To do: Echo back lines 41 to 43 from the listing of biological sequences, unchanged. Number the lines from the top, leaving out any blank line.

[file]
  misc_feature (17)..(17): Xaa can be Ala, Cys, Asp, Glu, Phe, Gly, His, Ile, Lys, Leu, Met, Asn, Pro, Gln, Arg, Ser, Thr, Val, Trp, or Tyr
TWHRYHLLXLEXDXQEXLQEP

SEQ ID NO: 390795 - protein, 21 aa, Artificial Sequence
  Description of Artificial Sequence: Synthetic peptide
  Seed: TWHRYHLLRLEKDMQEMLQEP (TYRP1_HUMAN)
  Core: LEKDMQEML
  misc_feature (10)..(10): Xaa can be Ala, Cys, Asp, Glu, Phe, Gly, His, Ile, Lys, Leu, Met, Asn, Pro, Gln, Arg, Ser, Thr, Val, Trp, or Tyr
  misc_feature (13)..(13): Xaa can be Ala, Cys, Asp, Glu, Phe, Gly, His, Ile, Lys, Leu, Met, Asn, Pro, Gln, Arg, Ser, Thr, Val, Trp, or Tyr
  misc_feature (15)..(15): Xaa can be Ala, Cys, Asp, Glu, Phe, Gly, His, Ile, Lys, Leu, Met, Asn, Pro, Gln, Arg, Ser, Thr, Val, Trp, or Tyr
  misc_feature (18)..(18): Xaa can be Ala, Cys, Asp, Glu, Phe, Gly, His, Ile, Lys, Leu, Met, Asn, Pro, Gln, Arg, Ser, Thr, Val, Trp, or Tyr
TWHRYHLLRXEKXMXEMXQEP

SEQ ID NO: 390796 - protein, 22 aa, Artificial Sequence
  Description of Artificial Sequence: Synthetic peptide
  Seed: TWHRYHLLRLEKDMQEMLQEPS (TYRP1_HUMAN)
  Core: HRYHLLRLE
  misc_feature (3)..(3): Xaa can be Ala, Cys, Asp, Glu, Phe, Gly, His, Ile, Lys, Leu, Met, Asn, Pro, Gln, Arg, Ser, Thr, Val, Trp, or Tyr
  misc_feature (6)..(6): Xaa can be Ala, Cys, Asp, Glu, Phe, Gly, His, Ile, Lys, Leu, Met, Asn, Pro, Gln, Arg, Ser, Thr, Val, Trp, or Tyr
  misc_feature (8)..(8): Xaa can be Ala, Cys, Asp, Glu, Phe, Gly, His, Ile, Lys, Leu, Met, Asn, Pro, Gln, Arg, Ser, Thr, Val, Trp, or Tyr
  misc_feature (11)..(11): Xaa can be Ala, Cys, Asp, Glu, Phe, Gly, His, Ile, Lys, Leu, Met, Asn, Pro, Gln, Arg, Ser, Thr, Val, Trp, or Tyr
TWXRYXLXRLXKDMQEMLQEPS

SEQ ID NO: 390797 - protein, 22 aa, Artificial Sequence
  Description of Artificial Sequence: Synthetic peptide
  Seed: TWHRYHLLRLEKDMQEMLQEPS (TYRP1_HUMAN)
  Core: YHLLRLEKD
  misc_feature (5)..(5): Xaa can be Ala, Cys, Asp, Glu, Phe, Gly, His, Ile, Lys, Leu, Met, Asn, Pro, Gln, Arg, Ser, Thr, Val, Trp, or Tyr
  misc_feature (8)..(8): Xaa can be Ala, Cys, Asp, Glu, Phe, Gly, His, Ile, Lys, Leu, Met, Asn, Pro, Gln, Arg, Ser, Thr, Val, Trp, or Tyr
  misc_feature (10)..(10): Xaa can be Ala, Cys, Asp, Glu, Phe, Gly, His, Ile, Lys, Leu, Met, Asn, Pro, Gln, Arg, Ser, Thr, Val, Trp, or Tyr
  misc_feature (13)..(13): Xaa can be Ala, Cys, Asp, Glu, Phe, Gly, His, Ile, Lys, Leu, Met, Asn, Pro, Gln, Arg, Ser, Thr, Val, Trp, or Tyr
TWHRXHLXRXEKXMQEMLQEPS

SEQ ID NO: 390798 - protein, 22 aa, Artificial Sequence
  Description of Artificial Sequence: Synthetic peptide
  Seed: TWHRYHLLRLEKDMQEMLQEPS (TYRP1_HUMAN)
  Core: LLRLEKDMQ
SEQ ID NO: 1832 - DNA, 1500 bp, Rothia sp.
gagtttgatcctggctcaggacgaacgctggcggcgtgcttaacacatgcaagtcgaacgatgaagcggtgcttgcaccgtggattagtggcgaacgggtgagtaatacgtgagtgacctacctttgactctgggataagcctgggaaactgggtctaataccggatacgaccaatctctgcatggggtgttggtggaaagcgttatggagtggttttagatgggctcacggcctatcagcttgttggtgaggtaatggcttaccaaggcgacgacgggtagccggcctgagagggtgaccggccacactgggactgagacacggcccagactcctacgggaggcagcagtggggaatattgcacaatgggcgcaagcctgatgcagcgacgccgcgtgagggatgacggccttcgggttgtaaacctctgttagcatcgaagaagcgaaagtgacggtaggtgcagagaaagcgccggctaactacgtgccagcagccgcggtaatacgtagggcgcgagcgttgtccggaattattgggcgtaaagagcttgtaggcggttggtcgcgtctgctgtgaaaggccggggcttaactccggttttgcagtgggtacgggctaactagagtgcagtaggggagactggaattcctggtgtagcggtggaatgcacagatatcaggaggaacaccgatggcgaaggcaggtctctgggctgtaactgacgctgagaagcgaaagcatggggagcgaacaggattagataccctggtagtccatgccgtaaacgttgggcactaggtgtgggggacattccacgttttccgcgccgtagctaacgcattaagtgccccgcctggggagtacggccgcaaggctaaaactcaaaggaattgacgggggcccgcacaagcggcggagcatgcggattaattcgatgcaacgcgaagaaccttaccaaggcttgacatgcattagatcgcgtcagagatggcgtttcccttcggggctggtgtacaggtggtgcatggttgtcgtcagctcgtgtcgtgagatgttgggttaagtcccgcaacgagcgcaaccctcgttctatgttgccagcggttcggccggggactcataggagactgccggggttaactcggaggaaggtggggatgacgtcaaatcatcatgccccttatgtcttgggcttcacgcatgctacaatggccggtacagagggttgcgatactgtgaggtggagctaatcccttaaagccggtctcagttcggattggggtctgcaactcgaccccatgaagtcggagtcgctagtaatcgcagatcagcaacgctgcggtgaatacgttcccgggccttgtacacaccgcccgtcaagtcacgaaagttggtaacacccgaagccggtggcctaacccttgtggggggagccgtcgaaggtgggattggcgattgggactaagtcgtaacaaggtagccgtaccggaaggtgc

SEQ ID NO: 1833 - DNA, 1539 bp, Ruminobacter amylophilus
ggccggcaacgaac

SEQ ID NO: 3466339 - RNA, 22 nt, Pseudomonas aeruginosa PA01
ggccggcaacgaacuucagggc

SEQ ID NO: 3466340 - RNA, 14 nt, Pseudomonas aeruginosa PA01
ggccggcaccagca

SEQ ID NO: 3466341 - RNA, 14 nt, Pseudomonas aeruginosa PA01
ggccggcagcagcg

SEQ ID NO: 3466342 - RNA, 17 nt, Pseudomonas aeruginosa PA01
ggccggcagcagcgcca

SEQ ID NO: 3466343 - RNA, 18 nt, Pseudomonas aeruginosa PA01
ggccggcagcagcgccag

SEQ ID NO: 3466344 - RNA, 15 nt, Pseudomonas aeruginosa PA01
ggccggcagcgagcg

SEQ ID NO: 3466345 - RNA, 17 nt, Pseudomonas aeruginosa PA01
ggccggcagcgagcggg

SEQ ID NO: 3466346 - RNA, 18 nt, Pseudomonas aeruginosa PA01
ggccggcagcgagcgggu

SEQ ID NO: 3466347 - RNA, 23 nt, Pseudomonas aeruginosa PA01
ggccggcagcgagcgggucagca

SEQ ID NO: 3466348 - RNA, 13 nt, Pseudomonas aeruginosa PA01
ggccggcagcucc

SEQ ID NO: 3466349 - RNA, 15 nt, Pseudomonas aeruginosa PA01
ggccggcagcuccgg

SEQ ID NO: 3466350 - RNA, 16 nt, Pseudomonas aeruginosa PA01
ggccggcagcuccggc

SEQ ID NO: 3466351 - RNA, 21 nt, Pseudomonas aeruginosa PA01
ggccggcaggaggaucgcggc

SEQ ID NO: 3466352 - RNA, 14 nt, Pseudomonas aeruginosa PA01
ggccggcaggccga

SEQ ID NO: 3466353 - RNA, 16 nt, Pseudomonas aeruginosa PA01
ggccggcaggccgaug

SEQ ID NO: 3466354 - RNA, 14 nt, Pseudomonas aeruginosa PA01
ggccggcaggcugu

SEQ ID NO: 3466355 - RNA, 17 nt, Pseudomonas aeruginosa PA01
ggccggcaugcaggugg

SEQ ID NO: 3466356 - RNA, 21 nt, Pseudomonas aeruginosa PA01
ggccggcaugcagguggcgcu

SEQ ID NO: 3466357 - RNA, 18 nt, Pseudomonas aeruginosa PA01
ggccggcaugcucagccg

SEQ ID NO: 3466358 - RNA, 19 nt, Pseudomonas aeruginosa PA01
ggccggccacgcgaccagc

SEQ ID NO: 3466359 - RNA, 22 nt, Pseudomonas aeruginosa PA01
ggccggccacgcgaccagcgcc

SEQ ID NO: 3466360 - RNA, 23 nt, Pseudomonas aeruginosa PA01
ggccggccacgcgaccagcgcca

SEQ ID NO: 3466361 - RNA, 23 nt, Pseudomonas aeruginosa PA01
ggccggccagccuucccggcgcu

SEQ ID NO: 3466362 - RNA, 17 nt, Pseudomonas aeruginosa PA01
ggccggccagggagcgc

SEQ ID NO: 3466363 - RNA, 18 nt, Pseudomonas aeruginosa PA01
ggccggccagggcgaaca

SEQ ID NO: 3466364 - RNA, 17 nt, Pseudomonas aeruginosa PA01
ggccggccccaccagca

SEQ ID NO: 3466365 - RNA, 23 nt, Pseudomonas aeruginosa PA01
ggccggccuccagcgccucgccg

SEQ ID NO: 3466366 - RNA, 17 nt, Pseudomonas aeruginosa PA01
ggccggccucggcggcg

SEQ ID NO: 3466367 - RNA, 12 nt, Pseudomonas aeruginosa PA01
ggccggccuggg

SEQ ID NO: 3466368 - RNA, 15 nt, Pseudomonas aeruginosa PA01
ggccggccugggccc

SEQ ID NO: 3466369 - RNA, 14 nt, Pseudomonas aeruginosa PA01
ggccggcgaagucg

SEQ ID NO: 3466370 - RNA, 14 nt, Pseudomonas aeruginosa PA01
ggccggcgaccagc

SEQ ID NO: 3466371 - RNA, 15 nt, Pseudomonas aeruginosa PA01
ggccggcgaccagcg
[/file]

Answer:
ggccggcaccagca

SEQ ID NO: 3466341 - RNA, 14 nt, Pseudomonas aeruginosa PA01
ggccggcagcagcg